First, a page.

After Trump went after Planned Parenthood, states, courts, and even WNBA teams took actions to protect them.

While the Trump administration has tried to prevent teenage immigrants in detention from obtaining abortions, judges ruled they have the right to get one.

5. Our health care is here to stay

Despite trying not once, not twice, but three times, the GOP still couldn’t repeal Obamacare!

 

Groups like ADAPT and Indivisible led thousands of protests, 24-hour vigils, sit-ins, and die-ins to save our care. They were arrested again and again, and never stopped telling their members of Congress that the ACA is here to stay.

Oh, remember all of those Republican town halls, where constituents gave their reps a piece of their minds? #TaxBill2018 #Same

And despite Trump cutting the ACA advertising budget by 90%, other groups spread the word, and way more people signed up for Obamacare than expected. Most in Trump states, no less.

Yes, the GOP is taking other measures to undermine Obamacare. But it’s still the law, and it will survive, though where you live may determine how strong it is.

 

And looking ahead, we’re thrilled that the movement for single-payer health care is gaining steam. (It would work!) And while this guy messed up big time, his Medicare-for-All bill, along with and Bernie Sanders’ bill are garnering more support than ever before. #FreeCare4All

6. We had wins for racial justice

We saw brave people risk their lives to stop white supremacists in Charlottesville, Virginia. Thousands of people held solidarity rallies in at least 16 states and in front of the White House. And when Trump doubled down on his defense of white supremacists (are you f%#?ing kidding), his advisors started resigning.

The neo-Nazi who killed Heather Heyer was charged with first-degree murder, and others were arrested for their actions. The ACLU also announced they will no longer defend armed hate groups.

After Charlottesville, whenever white supremacists tried to rally, people were ready to stop them. Their events were turned down by cities, colleges, and, in one case, 62 different venues. Other times, alt-right organizers dropped out or couldn’t get enough people to attend, so they canceled events. When they did rally, counterprotesters overwhelmingly outnumbered white supremacists, and people drowned them out, chased them away, and found fun and creative ways to disrupt them. Even Juggalos had them beat. #WhateverWorks 🙃

Companies and websites started banning neo-Nazis, and one particular bigot was fired, lost his book deal, and was exposed for collaborating with white supremacists. Breitbart’s traffic plummeted, and almost 4,000 companies—nearly 90% of its advertisers—have pulled their ads from the site. 👏💸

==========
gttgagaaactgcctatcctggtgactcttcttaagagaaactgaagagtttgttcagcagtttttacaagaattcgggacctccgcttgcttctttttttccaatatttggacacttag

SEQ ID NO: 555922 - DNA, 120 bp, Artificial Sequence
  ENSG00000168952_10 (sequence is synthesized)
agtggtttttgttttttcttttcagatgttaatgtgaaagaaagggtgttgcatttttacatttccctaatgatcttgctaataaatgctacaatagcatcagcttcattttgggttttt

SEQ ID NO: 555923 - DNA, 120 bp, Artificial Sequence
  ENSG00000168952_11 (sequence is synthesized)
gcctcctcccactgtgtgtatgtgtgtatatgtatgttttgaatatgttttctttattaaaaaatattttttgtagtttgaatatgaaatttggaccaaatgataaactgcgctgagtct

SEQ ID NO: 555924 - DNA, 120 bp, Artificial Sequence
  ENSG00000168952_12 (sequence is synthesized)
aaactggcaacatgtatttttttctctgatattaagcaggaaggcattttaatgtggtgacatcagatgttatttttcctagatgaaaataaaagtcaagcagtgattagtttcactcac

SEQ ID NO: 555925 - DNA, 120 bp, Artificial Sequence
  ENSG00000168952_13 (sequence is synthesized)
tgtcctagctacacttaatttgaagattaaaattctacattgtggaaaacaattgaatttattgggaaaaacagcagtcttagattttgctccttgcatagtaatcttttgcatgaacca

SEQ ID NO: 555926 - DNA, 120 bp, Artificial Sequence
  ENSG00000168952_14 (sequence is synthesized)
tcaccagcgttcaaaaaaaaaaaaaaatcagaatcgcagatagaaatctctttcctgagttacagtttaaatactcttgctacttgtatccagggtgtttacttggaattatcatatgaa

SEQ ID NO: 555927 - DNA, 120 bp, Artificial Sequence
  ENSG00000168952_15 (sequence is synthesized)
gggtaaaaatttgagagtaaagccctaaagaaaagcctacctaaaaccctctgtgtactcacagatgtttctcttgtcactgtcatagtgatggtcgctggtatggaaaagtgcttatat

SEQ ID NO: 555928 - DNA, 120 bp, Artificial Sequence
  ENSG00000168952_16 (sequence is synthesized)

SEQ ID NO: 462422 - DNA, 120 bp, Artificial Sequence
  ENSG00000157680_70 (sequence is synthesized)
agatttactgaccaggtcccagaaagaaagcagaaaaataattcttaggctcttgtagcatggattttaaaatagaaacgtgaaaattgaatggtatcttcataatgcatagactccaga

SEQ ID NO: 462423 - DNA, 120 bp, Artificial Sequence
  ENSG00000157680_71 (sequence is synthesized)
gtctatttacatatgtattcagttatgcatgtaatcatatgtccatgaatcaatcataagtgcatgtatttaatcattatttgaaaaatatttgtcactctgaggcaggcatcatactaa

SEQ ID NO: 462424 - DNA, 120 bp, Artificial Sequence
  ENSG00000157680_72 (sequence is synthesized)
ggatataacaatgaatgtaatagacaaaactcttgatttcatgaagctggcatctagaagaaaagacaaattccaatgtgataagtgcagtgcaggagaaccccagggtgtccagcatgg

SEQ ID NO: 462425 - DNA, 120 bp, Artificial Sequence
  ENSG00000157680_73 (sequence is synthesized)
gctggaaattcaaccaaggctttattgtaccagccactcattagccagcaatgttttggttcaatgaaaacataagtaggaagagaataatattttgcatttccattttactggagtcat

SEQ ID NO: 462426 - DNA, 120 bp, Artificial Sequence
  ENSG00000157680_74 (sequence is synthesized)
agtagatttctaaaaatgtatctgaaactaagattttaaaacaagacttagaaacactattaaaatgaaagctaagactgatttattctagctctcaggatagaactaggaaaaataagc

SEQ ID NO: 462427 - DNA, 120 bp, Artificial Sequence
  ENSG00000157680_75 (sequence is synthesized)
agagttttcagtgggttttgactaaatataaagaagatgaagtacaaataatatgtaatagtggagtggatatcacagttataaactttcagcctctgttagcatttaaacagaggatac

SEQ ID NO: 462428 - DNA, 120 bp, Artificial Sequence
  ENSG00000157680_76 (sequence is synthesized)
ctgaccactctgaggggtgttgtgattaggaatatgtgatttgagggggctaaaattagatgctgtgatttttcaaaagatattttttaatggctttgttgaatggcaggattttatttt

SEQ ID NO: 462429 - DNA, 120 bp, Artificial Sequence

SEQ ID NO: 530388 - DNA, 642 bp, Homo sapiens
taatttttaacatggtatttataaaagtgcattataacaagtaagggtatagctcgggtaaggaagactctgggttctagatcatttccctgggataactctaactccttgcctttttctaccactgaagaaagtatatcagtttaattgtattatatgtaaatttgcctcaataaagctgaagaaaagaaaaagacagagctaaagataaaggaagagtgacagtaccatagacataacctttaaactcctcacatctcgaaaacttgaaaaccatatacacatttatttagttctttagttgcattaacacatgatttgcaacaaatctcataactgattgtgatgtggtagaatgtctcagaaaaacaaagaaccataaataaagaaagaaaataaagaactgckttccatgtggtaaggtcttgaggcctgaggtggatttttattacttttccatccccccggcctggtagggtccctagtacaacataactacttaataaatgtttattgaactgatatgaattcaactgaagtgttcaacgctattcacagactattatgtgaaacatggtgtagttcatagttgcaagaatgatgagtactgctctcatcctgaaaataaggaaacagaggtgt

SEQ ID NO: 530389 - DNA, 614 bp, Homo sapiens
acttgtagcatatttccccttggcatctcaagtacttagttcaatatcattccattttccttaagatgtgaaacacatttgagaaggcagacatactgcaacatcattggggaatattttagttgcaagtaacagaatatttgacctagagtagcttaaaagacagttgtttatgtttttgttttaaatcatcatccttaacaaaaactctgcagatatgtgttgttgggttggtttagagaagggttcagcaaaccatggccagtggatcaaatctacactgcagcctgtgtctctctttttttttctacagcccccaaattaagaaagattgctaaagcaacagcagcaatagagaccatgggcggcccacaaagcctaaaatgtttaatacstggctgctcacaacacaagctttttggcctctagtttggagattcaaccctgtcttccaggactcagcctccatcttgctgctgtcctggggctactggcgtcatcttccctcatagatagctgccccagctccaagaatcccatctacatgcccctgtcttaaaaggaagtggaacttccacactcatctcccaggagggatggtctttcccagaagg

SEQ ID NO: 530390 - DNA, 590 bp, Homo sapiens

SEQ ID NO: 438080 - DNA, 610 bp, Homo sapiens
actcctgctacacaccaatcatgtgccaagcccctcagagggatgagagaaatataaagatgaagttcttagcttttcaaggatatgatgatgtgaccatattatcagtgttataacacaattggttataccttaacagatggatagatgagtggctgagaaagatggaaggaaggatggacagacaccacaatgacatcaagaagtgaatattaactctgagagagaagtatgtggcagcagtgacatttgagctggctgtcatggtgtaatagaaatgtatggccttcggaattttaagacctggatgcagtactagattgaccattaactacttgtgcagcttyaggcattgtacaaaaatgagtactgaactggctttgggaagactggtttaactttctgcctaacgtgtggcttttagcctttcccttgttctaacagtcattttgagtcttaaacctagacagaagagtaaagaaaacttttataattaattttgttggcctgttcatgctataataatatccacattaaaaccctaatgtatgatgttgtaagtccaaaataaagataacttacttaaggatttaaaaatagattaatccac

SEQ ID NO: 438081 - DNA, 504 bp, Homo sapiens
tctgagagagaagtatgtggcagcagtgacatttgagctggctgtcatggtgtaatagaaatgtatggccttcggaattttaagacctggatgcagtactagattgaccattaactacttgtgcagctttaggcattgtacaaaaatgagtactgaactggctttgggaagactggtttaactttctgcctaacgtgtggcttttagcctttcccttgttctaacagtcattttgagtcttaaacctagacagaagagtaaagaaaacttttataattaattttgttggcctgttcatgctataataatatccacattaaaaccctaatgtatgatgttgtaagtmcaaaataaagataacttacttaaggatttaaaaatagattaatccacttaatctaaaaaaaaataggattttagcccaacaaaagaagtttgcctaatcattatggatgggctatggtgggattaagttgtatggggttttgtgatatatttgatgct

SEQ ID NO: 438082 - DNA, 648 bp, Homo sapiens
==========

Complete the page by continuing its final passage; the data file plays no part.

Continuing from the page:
So many cities and schools tore down Confederate monuments that we could barely keep up!

🔨 Yale University 🔨 University of Oregon 🔨 University of Texas  🔨 National Cathedral 🔨 New York City (x2) 🔨 Maryland (x2) 🔨 Dallas, TX 🔨 Mississippi 🔨 Memphis, TN 🔨 Florida 🔨 Massachusetts 🔨 California 🔨 Montana 🔨 Kentucky 🔨 North Carolina 🔨  Hollywood, FL 🔨 New Orleans (this video 🙌)

In Durham, NC, protesters didn’t wait for the city—they tore a statue down on their own. When the cops went looking for the person who did it, hundreds of people turned themselves in at the police station in solidarity. ❤️

 

Students disrupted speeches by Betsy DeVotrumps and James Comey to hold them accountable for racist comments and actions. And on separate occasions, thousands marched for justice for Philando Castile, Anthony Lamar Smith, black women’s rights, and against state violence.

7. Immigrants are welcome here

Sanctuary cities and states stepped up their support for our immigrant community, barring police and city employees from working with ICE, prohibiting the expansion of immigrant detention centers, and paying legal fees for Dreamers and undocumented residents.

Washington  New Mexico   California   Rhode Island  

New York  Massachusetts  ✊ Illinois

Judges blocked Trump’s attempts to defund sanctuary cities and stopped states from banning them, too.

Churches, universities, school districts, and even unions declared themselves sanctuaries for undocumented immigrants.

People raised their voices and helped free three different Dreamers, a young mother with a brain tumor, a ten-year-old girl, and a father whose ICE arrest was filmed by his crying 13-year-old daughter.